The appearance of two all new attack and defend aircraft at the beginning and end of the year just over have both raised issues of substance for the Joint Strike Fighter JSF or F-35 program, and reasons for the US and its allies to carefully review their plans to maintain air superiority.
The first bookend for a poor year for the JSF program was the first flight last January of the Russian PAK-FA (below).
The last bookend was the appearance on Chinese internet sites of photos of its J-20 prototype making ground taxi runs.
These aircraft provide western defence organisations with some fierce wake-up material to deal with in 2011, even if they do not include an erroneously reported missile launch from a non-US submarine off the coast from Los Angeles on November 8 last year, which was highlighted in an earlier and now withdrawn Plane Talking post.
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To quote from the Mills paper at Air Power Australia:
A fundamental tenet of combat is that you must be alive to enter the fight. The superior kinematics of the Su-35S, the PAK-FA and the J-20, the signature reduction of the latter two aircraft, and the (highly likely – we have not seen the final list) improved sensor suites of all three, severely reduce the F-35 and F/A-18E/F’s chance of even making it first to a weapon release point. Each of the threat aircraft will be operating at times more than two miles higher and 700+ knots faster, giving their ‘look-down, shoot-down’ missiles substantial kinematic ‘shoot-first’ advantages in the engagement.
There is some important context to consider. Almost a year ago Russia first flew its PAK-FA Joint Strike Fighter killer, which is the subject of plans for large scale production in India as well, and under consideration by Indonesia. The PAK-FA and J-20 are machines that have been dismissed as being of significant concerns by the proponents of the JSF as the instrument that will maintain western air superiority, and from 2013 if one audits the public claims being made as recently as 2009.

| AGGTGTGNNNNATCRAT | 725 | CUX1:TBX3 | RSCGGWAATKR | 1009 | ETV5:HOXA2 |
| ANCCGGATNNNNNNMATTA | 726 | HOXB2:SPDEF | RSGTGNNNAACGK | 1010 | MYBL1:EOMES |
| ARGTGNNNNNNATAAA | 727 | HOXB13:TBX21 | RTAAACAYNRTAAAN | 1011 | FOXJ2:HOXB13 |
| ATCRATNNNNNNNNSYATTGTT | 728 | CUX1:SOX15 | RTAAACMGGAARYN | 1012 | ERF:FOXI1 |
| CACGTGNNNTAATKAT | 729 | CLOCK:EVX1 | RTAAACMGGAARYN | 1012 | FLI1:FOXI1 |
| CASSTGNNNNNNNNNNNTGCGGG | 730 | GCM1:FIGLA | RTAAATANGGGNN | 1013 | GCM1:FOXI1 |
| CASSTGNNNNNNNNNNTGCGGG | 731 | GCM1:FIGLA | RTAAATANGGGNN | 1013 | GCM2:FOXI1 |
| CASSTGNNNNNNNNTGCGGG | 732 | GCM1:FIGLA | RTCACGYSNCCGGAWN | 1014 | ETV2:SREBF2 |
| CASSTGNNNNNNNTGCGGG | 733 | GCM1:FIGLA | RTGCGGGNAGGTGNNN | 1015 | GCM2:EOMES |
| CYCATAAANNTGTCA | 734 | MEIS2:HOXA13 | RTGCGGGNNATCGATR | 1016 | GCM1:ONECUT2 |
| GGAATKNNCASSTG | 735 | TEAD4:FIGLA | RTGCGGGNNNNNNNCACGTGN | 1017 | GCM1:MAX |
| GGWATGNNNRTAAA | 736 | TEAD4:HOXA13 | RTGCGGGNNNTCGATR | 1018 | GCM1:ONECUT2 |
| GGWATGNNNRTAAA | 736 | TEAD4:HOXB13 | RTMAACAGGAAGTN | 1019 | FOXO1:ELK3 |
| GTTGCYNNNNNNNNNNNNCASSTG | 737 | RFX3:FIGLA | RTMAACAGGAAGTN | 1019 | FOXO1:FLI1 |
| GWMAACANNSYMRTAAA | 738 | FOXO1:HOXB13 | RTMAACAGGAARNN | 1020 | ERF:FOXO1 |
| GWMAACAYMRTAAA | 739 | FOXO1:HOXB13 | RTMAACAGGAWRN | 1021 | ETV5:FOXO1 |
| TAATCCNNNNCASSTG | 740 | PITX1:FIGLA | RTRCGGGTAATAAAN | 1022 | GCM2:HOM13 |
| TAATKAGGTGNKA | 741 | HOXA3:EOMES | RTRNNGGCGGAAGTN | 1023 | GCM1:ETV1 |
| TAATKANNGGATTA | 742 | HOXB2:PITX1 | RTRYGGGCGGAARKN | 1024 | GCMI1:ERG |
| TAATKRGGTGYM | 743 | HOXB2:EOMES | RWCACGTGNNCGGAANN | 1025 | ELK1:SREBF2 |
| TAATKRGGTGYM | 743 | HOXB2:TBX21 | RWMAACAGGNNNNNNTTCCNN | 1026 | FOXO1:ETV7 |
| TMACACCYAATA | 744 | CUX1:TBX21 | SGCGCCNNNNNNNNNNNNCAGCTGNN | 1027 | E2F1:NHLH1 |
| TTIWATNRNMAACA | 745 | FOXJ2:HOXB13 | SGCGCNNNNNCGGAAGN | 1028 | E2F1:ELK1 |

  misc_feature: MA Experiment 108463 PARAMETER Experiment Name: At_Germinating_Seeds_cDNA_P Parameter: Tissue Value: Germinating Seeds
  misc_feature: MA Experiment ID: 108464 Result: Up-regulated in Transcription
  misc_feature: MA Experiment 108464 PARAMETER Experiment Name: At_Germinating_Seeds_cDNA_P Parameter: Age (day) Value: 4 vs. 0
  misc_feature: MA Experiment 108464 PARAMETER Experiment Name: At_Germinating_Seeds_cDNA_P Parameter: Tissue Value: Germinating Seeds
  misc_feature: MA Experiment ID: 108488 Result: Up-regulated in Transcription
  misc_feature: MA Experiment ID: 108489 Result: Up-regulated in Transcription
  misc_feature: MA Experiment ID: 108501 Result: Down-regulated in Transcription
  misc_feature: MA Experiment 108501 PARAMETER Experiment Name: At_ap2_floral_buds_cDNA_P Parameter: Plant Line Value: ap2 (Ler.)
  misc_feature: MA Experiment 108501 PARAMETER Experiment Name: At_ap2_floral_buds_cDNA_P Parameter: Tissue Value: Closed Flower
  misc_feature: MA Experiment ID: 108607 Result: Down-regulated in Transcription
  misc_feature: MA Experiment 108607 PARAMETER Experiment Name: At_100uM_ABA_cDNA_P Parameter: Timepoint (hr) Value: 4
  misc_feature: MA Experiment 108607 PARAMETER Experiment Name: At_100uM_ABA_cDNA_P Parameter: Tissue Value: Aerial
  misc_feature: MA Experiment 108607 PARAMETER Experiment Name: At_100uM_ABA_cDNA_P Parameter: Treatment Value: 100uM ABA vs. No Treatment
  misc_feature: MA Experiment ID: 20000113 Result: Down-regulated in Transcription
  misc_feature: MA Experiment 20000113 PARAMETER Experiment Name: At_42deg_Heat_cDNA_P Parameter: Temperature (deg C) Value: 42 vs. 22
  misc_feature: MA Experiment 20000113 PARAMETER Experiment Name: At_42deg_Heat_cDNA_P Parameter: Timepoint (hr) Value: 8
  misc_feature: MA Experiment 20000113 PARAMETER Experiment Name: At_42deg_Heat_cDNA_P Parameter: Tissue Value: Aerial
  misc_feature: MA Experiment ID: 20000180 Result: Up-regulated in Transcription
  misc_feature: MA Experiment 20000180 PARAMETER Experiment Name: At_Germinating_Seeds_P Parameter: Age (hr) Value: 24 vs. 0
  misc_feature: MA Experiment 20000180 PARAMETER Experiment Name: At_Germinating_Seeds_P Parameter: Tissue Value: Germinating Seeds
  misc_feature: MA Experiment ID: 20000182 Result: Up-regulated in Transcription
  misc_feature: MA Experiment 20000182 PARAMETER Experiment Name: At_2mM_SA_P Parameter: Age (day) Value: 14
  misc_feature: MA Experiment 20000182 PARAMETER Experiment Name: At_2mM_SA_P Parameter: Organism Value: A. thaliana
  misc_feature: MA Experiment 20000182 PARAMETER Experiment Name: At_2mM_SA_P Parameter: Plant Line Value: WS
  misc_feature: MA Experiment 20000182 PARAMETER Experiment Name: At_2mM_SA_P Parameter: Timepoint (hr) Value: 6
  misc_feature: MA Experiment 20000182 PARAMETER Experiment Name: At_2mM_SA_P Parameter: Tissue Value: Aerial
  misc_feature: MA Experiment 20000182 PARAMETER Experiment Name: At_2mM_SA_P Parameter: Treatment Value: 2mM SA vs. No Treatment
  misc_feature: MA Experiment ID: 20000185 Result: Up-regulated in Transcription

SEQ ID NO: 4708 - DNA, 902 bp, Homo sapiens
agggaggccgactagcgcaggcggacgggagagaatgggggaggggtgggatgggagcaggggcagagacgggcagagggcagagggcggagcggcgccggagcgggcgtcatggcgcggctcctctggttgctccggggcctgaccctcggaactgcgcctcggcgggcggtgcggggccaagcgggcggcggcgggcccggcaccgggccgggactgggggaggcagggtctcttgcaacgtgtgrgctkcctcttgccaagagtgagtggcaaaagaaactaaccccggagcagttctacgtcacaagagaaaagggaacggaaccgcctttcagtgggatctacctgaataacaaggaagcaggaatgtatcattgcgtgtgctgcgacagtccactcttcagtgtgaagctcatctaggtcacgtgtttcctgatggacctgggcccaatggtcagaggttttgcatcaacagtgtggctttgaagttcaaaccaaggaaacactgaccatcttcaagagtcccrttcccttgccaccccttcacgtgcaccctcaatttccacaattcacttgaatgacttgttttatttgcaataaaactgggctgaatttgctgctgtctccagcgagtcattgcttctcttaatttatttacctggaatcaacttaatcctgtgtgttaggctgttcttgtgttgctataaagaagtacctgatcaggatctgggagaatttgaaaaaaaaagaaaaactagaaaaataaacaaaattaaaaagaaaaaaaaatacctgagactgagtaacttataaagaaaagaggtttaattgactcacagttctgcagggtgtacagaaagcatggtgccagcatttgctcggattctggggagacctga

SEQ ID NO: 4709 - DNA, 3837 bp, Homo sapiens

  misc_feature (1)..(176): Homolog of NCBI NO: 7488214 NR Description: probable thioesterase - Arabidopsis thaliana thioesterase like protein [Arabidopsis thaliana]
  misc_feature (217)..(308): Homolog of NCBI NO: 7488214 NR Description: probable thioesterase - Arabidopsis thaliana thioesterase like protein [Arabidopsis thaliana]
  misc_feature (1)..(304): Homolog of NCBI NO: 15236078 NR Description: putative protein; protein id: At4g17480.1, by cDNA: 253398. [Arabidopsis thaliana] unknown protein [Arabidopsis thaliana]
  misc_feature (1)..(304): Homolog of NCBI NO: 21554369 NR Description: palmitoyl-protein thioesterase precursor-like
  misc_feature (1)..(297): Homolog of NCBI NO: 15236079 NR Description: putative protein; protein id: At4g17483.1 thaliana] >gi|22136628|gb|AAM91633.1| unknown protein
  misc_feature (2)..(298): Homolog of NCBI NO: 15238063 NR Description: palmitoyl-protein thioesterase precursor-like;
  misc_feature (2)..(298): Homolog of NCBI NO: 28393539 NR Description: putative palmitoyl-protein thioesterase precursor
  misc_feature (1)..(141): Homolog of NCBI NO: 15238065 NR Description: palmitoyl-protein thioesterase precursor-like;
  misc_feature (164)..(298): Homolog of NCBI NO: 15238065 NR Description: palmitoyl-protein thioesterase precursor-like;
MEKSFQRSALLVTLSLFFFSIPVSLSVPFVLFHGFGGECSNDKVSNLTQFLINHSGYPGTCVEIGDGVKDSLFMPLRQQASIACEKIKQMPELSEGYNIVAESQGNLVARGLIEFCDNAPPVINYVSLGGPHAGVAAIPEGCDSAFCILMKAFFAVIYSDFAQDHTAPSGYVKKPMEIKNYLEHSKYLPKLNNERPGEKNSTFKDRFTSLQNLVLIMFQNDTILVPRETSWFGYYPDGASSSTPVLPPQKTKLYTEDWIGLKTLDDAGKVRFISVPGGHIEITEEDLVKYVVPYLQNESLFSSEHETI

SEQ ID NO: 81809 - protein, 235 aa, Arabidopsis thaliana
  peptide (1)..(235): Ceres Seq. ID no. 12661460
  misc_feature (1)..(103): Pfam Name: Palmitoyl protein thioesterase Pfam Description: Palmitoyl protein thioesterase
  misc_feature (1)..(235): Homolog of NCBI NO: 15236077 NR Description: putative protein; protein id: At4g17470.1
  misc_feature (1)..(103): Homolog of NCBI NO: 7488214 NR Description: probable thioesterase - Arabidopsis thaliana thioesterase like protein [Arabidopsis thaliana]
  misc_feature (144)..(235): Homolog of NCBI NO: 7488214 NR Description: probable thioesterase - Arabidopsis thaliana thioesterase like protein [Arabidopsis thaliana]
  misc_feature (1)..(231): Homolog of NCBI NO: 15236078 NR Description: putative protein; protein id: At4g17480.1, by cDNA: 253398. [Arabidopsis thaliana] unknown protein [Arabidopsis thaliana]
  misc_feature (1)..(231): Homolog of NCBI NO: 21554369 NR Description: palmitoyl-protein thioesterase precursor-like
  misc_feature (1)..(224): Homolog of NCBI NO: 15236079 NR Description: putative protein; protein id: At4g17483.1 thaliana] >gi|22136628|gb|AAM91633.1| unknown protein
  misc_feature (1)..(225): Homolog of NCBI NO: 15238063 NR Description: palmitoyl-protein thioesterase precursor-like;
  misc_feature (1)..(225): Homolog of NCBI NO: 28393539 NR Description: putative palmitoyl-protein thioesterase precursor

In September last year the US Air Force Association produced a damning critique of America’s inability to penetrate China’s air space even before the nebulous details of what was called the J-XX resolved into the J-20. The Air Force Association’s concerns, detailed by by the recently retired commander of the USAF Intelligence Surveillance and Reconnaissance agency, LtGen David Deptula, were unprecedented in terms of its profile and history.
They did not however gain strong traction in a Congress or America distracted by the economic and social crisis triggered by the financial crisis that followed the sub prime loans crisis.
There is nothing to be pleased about by these developments. They are but part of the massive transition of unchallenged world power away from the US, caused by the long march to its place under the sun of new prosperity by China, and the refocusing of Russia’s ambitions under Putin. For Australia, the reality of the PAK-FA and the J-20 are reminders of the folly of obsequious policy settings in our relationships with America. They are also a reminder of the tragic maladministration of defence procurement and planning in this country, and the culture of a defence establishment that acts as the agent of the failed JSF program rather than a critical customer.
Also keep in mind claims by US Secretary of Defence Robert Gates that by the time China could field a technologically advanced attack and defend aircraft there would be 2000 JSF F-35s in the service with the US and its allies. China will have the J-20 in service as soon as 2015, when the west may well have between none or a few that will be less capable than the newer design. And Gates is resigning shortly after Obama delivers his State of the Union address.
We have been skewered by our beliefs in our own invincibility.